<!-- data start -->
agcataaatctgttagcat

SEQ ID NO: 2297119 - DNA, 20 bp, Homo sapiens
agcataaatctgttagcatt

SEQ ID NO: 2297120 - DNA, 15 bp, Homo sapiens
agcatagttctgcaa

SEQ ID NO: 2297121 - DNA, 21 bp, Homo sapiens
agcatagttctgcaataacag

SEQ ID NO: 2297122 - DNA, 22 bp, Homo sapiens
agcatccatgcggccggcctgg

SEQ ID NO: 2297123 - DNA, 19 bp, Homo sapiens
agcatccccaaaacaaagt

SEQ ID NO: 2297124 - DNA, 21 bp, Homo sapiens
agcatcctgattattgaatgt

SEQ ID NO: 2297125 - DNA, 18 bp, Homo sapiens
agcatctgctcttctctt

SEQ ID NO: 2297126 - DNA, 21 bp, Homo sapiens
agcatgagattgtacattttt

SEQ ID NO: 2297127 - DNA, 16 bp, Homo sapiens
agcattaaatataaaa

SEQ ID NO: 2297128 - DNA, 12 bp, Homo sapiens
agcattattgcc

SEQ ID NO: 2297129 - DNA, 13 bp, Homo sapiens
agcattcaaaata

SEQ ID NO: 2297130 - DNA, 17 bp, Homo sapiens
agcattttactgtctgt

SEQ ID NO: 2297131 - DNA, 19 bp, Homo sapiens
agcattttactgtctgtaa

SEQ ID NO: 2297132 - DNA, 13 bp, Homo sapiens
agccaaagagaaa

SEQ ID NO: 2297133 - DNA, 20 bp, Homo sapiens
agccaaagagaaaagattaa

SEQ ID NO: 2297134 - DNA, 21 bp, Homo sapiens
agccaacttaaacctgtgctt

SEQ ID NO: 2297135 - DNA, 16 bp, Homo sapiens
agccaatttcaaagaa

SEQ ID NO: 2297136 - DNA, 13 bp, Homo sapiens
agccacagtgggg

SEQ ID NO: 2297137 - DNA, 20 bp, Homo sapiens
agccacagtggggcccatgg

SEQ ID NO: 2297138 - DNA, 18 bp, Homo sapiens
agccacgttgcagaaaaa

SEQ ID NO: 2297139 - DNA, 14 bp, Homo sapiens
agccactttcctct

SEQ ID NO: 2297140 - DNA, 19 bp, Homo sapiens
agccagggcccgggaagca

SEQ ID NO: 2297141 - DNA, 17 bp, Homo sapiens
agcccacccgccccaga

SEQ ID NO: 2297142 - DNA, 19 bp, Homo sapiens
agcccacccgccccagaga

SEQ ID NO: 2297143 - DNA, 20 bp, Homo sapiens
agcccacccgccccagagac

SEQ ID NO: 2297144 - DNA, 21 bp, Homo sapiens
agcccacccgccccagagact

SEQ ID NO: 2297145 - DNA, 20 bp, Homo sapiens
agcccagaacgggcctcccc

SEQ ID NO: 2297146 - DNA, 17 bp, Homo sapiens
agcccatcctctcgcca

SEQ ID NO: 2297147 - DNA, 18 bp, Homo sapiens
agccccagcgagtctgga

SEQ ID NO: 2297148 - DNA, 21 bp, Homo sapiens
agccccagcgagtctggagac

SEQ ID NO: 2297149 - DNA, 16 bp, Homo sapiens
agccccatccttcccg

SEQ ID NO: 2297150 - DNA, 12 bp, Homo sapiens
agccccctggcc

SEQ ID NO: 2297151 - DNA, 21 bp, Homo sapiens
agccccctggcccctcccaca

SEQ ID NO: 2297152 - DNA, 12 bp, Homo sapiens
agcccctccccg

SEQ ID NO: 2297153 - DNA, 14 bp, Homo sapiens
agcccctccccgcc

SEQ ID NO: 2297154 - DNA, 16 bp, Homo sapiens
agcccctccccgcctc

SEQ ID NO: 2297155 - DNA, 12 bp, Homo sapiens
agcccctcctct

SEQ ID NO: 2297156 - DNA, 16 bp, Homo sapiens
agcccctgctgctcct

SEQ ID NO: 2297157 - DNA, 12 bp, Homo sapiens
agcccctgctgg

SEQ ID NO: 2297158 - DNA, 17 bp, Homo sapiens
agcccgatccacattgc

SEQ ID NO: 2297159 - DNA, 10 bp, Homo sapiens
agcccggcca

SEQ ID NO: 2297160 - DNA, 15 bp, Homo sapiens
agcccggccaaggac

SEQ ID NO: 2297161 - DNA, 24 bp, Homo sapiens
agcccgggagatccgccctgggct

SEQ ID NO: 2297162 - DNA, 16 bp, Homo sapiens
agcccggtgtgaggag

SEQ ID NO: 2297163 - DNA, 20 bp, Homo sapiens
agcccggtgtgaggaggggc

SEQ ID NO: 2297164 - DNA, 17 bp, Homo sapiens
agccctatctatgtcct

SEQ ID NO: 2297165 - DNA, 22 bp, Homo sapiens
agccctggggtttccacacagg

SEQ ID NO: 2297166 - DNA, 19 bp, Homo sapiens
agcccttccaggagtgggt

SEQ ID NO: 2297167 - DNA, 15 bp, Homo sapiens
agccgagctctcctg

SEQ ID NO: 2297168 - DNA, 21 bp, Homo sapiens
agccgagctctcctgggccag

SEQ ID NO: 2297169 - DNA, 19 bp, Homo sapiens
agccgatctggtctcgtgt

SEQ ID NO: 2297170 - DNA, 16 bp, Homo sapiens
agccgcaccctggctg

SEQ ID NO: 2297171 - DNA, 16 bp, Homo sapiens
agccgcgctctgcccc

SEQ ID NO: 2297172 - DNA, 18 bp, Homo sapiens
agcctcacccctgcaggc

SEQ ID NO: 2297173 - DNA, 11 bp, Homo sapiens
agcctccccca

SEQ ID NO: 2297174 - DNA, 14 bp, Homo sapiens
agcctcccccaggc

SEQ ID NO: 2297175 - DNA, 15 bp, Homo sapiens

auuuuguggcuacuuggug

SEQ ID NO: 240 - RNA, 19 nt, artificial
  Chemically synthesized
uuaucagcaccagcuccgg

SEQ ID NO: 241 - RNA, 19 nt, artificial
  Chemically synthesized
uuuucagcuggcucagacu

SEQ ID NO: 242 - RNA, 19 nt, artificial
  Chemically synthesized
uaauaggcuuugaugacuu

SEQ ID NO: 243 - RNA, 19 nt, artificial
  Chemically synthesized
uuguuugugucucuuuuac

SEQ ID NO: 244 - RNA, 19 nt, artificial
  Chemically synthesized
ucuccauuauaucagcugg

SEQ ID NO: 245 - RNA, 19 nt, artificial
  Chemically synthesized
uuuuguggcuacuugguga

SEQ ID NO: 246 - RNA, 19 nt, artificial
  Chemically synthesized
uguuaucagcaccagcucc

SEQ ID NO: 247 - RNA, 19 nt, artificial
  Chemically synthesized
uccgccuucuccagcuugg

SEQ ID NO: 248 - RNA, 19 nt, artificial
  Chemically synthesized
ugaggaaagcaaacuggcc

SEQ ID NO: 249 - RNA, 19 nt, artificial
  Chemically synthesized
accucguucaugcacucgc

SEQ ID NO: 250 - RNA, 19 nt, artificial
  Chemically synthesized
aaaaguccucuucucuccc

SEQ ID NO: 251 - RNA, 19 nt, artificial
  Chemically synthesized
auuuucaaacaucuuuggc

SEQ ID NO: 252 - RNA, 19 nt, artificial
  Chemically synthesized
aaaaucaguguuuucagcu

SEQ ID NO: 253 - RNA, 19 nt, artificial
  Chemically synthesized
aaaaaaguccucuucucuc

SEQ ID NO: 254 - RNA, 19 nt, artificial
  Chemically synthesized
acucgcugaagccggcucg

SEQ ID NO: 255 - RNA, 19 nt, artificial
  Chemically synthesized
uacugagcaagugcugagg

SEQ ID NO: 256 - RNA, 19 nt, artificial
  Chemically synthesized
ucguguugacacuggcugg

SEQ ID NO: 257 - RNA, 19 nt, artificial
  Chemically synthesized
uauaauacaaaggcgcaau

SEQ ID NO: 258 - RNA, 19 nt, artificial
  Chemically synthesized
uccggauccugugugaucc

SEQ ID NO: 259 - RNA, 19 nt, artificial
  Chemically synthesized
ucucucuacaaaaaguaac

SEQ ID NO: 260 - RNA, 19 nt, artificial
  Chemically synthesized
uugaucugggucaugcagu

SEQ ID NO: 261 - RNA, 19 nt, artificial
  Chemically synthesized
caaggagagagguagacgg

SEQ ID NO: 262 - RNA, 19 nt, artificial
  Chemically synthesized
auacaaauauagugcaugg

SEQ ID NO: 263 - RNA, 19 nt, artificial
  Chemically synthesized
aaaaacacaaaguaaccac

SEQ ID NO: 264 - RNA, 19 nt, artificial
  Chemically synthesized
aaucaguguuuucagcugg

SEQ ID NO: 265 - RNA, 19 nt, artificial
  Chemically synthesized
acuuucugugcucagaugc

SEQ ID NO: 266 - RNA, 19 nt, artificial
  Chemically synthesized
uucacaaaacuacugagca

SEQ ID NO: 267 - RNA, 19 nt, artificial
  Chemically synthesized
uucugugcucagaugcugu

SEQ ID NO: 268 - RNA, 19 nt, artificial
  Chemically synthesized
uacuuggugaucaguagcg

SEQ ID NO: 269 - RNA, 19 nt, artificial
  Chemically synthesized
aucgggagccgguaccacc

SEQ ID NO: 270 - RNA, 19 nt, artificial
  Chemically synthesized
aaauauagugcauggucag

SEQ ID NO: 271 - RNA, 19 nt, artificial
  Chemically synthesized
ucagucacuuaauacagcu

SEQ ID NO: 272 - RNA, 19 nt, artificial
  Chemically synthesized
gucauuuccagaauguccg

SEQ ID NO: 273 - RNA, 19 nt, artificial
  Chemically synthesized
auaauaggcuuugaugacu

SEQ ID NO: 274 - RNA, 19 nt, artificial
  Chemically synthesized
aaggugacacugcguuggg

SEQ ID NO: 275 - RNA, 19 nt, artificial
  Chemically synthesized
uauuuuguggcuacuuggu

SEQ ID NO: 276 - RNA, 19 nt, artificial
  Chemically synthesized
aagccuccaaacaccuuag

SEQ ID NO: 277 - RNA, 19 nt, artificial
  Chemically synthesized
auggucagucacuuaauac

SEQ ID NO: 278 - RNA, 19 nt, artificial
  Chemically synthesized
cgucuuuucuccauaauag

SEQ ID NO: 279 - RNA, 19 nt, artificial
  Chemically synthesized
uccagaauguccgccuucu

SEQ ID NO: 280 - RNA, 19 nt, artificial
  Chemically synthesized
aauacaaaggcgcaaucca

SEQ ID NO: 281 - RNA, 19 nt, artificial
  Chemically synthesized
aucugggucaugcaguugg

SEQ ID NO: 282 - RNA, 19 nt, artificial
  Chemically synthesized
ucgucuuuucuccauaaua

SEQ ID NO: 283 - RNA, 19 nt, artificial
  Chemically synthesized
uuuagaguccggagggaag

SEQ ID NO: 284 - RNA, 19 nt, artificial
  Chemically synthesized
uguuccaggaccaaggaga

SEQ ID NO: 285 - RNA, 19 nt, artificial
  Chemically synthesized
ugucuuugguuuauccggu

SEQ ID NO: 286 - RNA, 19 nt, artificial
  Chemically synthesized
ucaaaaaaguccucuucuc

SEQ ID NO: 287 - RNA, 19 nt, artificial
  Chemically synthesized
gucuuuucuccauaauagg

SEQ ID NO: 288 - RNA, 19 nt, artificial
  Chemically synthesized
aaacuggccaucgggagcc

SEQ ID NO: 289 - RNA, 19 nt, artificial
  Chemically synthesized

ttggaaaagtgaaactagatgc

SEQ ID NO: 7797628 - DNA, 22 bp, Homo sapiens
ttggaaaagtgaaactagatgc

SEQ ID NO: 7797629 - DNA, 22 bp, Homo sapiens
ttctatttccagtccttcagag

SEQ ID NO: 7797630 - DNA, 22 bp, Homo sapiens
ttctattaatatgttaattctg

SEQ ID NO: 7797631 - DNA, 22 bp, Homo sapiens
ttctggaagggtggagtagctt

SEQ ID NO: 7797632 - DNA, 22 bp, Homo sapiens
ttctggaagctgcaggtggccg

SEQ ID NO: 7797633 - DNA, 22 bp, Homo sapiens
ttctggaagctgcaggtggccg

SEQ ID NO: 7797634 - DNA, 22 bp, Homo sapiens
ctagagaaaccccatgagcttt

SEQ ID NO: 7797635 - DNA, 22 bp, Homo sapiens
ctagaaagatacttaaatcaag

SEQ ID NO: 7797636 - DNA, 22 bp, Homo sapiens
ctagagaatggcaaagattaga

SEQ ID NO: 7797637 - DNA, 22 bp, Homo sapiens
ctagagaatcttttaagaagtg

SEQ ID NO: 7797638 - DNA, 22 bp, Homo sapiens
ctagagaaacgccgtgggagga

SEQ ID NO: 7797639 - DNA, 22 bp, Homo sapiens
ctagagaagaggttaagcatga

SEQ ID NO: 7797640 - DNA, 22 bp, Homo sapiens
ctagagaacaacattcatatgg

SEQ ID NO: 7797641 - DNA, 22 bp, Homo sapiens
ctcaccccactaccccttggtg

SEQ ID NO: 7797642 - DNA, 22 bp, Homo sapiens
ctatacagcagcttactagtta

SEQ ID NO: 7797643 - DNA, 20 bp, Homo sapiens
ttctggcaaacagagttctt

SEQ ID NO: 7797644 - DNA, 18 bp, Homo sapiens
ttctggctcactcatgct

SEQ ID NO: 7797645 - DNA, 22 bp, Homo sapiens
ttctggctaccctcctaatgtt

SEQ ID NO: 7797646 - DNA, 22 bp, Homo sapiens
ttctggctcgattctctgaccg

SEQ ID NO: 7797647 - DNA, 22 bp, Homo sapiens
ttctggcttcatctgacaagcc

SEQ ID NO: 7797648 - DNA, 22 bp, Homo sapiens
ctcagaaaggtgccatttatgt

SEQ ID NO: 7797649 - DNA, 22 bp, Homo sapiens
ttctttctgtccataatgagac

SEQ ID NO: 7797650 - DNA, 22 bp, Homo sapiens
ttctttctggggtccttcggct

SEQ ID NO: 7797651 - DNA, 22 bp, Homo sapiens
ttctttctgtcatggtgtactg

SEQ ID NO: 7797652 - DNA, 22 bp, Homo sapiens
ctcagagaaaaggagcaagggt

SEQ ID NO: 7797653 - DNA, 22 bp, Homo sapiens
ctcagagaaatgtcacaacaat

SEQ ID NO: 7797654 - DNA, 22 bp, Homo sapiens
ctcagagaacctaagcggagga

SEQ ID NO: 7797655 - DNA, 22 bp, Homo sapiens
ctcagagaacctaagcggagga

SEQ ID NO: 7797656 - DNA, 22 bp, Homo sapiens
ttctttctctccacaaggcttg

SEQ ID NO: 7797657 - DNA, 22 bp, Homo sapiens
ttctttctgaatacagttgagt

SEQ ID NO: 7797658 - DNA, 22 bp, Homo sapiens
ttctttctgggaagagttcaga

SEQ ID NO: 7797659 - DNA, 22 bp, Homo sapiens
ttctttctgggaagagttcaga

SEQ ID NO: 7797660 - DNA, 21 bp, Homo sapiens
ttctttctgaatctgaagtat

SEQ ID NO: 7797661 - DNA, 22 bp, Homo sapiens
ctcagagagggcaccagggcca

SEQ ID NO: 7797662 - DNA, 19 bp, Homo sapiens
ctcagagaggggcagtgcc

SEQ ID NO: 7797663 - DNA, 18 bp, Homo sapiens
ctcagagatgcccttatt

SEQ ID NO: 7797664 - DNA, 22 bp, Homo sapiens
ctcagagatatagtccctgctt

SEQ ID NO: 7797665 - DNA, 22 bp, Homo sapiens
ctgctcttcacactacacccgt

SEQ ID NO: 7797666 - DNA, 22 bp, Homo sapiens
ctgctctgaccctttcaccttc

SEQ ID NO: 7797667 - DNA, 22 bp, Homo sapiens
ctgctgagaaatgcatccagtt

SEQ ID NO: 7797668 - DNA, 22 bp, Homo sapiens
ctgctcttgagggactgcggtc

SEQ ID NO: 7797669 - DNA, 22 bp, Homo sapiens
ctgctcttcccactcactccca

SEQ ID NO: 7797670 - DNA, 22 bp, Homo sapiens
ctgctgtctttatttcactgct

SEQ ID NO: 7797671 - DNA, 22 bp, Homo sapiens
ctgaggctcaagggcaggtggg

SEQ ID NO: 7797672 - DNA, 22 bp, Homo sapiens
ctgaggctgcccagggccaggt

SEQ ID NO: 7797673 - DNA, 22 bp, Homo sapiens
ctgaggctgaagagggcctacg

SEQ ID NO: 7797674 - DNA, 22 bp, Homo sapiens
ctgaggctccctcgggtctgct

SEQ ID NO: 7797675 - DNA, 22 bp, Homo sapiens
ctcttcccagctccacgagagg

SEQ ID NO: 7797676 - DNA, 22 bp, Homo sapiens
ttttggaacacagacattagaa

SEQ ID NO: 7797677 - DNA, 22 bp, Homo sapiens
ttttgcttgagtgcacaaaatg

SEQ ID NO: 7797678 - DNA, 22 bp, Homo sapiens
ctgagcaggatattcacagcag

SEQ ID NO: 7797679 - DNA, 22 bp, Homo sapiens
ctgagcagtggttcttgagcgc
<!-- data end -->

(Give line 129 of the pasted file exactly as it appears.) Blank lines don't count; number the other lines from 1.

  Chemically synthesized